It was during a week night in a Maryland superb and I was competing for scholarships as a contestant in a Miss America local. I wasn’t the favorite to win and my sheer existence there was looked upon as a joke. No one took me serious. Even my cheering posse left, as they were certain we were all wasting our time. But, win was exactly what I did and it qualified me to run for Miss Maryland, where I would walk away as 2nd runner-up and Preliminary Talent Winner. I was a beauty queen. Yup, I said it. Watching Vanessa Williams win Miss America made me believe that I could do it too. Brown and Black girls like me weren’t supposed to win. But win is exactly what I did, earning thousands of dollars toward completing my education at Howard University and arming me with skills. Skills that have aided in navigating the most uncomfortable situations and conversations with grace and dignity. My participation was predicated on education and earning scholarship funds. Not being vain or how many doors winning a pageant of that stature would provide me with. That was then. 1970 was a different ballgame with a shifted tone and ideal.
The 70’s were hands down one of our most tumultuous periods in global history. Young men were dying in Vietnam, there were White House shenanigans, civil and human rights were yet again being challenged and in the midst of it all was the Miss World pageant. Miss World crowned the first Black winner of beauty pageant ever with the runner up also being a woman of color – Jennifer Hosten. Many years later, history would repeat itself in America with Vanessa Willams and Suzette Charles during the Miss America pageant.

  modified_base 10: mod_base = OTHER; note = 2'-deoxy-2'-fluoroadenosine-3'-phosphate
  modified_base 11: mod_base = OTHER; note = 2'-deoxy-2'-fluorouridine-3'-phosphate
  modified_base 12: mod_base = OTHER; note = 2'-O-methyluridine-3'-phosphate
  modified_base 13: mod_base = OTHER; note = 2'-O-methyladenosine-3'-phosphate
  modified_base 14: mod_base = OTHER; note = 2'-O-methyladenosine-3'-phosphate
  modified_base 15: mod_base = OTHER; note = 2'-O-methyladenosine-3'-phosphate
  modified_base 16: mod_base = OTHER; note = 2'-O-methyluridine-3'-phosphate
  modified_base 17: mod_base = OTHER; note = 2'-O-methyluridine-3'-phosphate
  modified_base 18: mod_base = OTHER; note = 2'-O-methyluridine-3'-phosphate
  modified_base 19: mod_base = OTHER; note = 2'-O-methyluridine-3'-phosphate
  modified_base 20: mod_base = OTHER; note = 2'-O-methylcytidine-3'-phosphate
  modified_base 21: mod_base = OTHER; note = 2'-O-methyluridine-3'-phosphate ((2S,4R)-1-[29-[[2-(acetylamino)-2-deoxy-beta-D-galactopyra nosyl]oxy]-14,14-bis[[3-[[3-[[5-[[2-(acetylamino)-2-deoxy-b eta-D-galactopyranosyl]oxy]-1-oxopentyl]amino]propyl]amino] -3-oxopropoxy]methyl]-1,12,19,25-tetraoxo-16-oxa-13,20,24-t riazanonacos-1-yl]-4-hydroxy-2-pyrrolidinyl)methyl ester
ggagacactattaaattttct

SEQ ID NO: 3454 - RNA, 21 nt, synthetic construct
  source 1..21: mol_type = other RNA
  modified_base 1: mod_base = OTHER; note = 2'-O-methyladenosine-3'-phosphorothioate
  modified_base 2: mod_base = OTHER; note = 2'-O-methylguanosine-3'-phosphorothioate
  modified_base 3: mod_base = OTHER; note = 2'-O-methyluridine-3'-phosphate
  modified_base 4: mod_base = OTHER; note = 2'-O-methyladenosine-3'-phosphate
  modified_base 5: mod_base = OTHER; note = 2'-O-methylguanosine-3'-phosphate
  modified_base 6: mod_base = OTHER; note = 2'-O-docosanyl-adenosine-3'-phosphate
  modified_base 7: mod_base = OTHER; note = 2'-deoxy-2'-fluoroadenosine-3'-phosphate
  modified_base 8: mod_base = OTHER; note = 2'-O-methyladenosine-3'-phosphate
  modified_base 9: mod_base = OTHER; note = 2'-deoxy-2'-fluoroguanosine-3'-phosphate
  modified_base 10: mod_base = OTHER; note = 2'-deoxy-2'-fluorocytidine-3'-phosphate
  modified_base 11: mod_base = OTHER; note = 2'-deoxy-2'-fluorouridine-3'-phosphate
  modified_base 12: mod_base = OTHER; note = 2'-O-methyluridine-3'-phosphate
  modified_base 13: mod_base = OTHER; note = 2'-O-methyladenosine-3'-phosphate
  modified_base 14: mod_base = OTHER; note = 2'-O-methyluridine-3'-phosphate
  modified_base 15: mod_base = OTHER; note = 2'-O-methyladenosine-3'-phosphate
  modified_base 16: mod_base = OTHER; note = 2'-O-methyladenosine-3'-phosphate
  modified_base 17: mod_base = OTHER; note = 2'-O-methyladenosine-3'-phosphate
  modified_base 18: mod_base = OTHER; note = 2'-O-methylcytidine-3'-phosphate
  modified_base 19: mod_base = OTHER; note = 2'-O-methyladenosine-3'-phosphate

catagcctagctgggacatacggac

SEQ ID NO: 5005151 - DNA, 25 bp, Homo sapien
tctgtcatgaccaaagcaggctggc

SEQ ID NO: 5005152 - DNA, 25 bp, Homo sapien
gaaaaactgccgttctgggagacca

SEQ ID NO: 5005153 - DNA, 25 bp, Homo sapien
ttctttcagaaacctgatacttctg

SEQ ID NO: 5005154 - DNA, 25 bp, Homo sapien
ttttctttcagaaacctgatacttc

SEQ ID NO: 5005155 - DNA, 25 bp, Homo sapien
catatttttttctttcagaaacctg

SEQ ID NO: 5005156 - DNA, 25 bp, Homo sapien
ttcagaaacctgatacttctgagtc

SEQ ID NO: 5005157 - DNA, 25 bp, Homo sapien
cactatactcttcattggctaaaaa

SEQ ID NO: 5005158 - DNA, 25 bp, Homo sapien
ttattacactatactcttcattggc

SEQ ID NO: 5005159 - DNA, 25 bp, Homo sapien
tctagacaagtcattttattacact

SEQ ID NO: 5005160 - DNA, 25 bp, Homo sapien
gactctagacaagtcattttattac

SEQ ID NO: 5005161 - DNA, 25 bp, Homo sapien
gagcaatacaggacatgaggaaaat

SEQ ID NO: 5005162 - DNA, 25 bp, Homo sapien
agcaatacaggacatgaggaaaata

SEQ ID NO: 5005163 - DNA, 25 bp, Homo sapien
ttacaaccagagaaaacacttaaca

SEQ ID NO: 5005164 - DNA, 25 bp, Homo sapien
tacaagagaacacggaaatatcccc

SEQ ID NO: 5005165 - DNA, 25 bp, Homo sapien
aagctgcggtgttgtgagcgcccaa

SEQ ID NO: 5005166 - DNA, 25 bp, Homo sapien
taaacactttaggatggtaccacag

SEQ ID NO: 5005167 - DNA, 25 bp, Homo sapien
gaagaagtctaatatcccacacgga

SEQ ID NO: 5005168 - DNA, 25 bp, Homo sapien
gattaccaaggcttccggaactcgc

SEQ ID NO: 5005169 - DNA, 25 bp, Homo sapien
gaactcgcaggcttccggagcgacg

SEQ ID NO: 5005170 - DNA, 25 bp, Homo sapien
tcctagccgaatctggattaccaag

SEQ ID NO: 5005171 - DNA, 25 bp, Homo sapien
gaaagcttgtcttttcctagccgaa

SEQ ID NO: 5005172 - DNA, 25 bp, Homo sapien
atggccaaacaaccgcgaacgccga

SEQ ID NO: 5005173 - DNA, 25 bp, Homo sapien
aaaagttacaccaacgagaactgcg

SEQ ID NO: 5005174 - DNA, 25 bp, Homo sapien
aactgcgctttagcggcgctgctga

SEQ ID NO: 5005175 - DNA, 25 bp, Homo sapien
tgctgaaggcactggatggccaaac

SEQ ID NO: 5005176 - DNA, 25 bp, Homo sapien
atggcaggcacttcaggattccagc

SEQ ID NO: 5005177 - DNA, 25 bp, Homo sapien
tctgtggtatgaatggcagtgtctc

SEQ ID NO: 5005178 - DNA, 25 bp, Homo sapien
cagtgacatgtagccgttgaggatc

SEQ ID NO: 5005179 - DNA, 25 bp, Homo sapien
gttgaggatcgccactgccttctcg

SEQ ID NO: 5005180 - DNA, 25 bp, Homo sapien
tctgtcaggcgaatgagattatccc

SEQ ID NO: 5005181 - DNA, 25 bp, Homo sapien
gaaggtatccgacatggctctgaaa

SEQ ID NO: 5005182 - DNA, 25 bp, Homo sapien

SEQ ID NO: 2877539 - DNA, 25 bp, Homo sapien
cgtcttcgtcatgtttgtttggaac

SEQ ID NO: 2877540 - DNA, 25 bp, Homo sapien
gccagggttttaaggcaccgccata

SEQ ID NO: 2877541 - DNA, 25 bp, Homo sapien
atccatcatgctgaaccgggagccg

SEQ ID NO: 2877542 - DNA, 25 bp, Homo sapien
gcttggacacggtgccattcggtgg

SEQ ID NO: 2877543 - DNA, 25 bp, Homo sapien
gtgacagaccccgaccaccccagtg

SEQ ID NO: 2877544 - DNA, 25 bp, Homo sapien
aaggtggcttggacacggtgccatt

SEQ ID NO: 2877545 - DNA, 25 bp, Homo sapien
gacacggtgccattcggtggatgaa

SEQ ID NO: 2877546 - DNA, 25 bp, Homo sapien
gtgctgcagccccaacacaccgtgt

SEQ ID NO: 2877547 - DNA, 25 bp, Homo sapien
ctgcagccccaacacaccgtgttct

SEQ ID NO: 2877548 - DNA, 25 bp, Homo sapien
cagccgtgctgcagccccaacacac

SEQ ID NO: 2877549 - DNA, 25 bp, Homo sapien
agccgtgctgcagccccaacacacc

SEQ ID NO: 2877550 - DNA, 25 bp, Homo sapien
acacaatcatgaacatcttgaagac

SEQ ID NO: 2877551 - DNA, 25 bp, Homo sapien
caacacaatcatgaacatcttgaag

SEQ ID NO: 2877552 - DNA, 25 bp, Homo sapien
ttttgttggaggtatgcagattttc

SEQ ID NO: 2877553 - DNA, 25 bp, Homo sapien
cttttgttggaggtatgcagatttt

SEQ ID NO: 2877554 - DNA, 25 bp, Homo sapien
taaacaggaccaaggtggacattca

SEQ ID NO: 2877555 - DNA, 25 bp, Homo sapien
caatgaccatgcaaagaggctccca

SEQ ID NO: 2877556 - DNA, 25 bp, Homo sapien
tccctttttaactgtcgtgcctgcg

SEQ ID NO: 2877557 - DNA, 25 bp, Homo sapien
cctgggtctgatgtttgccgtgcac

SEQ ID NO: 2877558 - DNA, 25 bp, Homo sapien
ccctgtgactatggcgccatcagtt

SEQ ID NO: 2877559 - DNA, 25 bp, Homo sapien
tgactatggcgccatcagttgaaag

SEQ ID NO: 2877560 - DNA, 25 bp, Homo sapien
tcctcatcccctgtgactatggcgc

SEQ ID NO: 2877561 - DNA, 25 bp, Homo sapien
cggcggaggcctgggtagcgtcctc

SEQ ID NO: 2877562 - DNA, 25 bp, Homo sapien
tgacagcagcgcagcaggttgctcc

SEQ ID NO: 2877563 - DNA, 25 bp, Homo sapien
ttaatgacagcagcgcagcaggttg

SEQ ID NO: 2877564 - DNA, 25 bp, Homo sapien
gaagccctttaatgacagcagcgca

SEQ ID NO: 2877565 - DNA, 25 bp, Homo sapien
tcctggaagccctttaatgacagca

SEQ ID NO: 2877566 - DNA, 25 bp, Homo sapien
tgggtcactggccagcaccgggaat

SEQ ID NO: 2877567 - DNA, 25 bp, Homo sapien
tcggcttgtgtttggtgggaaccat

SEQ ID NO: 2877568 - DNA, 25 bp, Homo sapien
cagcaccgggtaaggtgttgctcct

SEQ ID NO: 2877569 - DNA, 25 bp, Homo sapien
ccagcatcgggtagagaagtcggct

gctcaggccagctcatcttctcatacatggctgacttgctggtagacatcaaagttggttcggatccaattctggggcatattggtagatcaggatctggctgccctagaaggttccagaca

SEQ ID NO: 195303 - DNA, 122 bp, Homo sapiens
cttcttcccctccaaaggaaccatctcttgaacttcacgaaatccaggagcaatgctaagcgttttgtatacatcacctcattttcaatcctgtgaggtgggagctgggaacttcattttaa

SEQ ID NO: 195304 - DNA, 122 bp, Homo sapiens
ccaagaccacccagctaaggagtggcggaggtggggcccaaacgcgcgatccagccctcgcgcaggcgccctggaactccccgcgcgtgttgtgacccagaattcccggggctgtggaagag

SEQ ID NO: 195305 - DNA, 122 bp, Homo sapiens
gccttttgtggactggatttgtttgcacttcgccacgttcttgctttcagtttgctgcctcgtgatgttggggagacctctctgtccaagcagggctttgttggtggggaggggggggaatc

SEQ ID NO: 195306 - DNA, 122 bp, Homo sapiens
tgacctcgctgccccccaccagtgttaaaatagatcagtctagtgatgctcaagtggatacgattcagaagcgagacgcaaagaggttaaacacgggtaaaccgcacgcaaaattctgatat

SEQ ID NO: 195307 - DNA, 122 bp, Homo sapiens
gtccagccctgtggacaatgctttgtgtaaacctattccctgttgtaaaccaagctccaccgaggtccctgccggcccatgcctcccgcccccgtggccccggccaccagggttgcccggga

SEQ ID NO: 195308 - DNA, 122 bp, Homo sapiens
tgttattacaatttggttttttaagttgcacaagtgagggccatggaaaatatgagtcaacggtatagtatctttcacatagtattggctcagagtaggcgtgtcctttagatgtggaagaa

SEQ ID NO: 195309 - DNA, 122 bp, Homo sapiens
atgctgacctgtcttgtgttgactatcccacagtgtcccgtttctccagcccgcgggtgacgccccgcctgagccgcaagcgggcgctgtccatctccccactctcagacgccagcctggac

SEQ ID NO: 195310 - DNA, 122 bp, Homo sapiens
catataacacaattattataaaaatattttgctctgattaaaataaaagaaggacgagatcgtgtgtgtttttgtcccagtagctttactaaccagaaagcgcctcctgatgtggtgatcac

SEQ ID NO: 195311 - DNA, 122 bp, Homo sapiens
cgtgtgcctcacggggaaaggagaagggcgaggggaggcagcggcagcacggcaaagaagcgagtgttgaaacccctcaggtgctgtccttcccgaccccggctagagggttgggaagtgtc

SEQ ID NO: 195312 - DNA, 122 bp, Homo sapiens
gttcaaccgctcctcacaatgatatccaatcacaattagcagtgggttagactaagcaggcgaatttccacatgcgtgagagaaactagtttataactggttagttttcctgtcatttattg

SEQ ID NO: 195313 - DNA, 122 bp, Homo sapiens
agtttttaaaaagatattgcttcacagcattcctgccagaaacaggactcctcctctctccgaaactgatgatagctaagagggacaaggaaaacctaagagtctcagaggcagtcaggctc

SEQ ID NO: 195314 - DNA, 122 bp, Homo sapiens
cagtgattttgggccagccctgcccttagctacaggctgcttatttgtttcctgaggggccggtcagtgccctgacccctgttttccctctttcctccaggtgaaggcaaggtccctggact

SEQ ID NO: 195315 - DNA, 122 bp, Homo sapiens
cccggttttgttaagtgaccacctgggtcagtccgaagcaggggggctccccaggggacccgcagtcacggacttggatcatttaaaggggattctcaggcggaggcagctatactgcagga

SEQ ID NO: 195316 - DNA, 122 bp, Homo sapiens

But, bubbling on the outside was the Womens liberation movement. Women were exhausted with being disrespected in life, at home and in the workplace. Misbehaviour marries these two events in the most creative, unusual way weaved together by director Philippa Lowthorpe.
The film couldn’t have dropped during a more appropriate time in history as it once again repeats itself. Women’s reproductive rights are being challenged. Women in politics continue to be discarded and disrespected no matter how qualified they are. Women in media are still eclipsed by men in all lanes of entertainment.
But, in 1970 Jennifer Hosten was the UK’s Vanessa Williams. She was the one, who when little brown and black girls gazed upon her face now knowing this was possible for them. Those same girls are now grown women who are seeking acceptance with an activist acumen. Gugu Mbatha-Raw completely embodies the grace, humility, intelligence and strong, resilient aura of Jennifer Hosten. Keira Knightly steps outside her usual period and into the Womens lib movement gracefully proving that she should never again be pigeon-holed moving forward.
Looking back on the 100th anniversary of the women’s right to vote, Misbehaviour, along with Mrs. America, The Glorias, etc… continue to shine a spotlight on an issue that has yet to be resolved, but hopefully will become accomplished in our lifetime.